After scoping, the lead agency must decide what will be covered in the EIS. They are not required to cover every alternative identified during scoping, but are likely to choose a number of alternatives that they feel cover the range of reasonable options. You, as the proponent, may be allowed some input in the shaping of the alternatives to be evaluated, but the decision lies with the lead agency. At minimum, SEPA requires the evaluation of the proposal and a "no-action" alternative. The "no-action" alternative is usually defined by how things would be if there were no proposal.

The lead agency will issue the draft EIS with a 30-day public comment period, with a possible 15-day extension. The lead agency will then prepare a final EIS, which must respond to comments received on the draft EIS. Agencies may make permitting decisions needed for your proposal seven days after the final EIS is issued.

What if someone comments?

One of the purposes of SEPA is to involve other agencies and the public in the review process. By allowing the public and agencies to comment on a SEPA document, concerns can be identified and evaluated before permits are issued. This can result in better proposals and greater community acceptance of the final project.

If comments are received on a:

  • DS/Scoping notice: the lead agency will consider the comments when they make decisions on what will be assessed in the EIS

  • Draft EIS: the lead agency must respond to them in the final EIS. This may involve changes to the alternatives and/or analysis, or may require new issues to be assessed

  • DNS: the agency will evaluate the comments to decide how they should best be addressed and may require additional analysis. The DNS may be retained or modified, or it may be withdrawn and the significance of adverse impacts reconsidered.

What if I change my mind?

Changing your proposal after starting the review process can have a drastic effect on the ease or difficulty in completing the review process and receiving your permits. If adverse environmental impacts are avoided by the change, you are likely to ease the permitting process and may even avoid the need to do an environmental impact statement. On the other hand, if the review process is nearly or fully completed, significant changes may require portions of the process to be repeated. Incorporating environmental considerations with good planning is your best tool for a fast, efficient review process. If you choose, you may stop the review process at any time, simply by withdrawing your permit application.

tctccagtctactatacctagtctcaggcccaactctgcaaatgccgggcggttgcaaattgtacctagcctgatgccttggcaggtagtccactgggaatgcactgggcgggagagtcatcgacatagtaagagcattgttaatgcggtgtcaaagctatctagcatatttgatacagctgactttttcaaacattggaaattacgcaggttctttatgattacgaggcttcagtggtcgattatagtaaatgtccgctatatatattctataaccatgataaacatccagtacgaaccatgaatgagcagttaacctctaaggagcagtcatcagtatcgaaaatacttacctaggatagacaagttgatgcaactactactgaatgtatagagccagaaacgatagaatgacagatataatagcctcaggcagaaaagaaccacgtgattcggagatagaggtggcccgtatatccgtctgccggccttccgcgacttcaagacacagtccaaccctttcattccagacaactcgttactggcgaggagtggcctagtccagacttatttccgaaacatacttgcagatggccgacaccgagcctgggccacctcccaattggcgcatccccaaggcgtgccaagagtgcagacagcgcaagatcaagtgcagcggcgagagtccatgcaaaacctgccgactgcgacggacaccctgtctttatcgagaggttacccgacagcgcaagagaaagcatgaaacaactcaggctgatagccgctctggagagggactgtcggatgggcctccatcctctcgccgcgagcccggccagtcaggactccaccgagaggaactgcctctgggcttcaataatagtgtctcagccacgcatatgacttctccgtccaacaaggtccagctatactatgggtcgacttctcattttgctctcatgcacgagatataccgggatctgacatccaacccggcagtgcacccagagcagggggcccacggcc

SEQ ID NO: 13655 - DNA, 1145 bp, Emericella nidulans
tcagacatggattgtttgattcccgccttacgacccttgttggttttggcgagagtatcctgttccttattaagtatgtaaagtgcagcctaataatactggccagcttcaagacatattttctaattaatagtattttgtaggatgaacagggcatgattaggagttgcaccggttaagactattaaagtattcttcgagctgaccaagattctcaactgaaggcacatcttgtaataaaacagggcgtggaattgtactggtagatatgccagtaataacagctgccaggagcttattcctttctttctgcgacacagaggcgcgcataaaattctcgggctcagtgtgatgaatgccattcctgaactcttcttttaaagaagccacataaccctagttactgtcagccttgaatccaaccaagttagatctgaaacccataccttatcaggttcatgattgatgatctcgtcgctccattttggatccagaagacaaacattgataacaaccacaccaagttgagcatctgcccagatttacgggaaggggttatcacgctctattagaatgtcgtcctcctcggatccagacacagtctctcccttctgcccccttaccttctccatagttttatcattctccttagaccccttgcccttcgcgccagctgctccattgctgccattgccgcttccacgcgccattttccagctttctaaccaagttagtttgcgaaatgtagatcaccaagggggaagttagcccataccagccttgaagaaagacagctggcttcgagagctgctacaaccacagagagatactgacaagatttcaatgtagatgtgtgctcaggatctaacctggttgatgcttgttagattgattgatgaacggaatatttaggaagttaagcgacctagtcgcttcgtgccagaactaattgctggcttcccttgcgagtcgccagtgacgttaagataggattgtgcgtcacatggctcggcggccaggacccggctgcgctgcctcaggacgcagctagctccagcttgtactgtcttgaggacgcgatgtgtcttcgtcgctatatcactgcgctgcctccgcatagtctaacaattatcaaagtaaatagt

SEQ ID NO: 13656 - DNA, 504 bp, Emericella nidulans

Filling out the Checklist

The checklist asks you to describe the proposed project, the project site and surrounding area, and the likely changes to the environment that would result from the project. The information will be used by all agencies that have a permit or approval to issue for your proposal. The questions apply to all parts of your project, even if you plan to do them over a period of time or on different parcels of land.

The following guidance is provided to assist you in completing the checklist. If an agency has revised Part A of the checklist, so that the numbers no longer coincide, the titles provided should assist you in locating the relevant material.

You must answer each question accurately and carefully, to the best of your knowledge. Complete answers to the questions now may avoid unnecessary delays later. Looking over the checklist before you begin will help you know what information is required. Although most questions can be answered with a familiarity of the project, the site, and the surrounding area, some information will have to be obtained from other sources, such as the city or county in which your project will occur. This guide will provide you help in both answering the questions and locating the information you will need.

The information you provide will help the agencies analyze your project and decide whether additional studies (i.e. wetland delineation or traffic study) are needed. This information will also be used by the agencies when deciding whether to issue the necessary permits or approvals—to address the gaps and overlaps between other regulations. The checklist is designed to help you think about the possible environmental consequences of your proposal. You are encouraged to consider ways to eliminate or reduce these impacts through changes in your proposal, restoration efforts, etc.

Environmental Checklist with Guidance


Required versus “possible” mitigation should be clearly identified in the environmental document. Mitigation that is being considered or possible is appropriate to identify but must be clearly identified as “possible.” Otherwise, any mitigation described is likely to be considered as commitments and conditions of the project

SEPA Review Process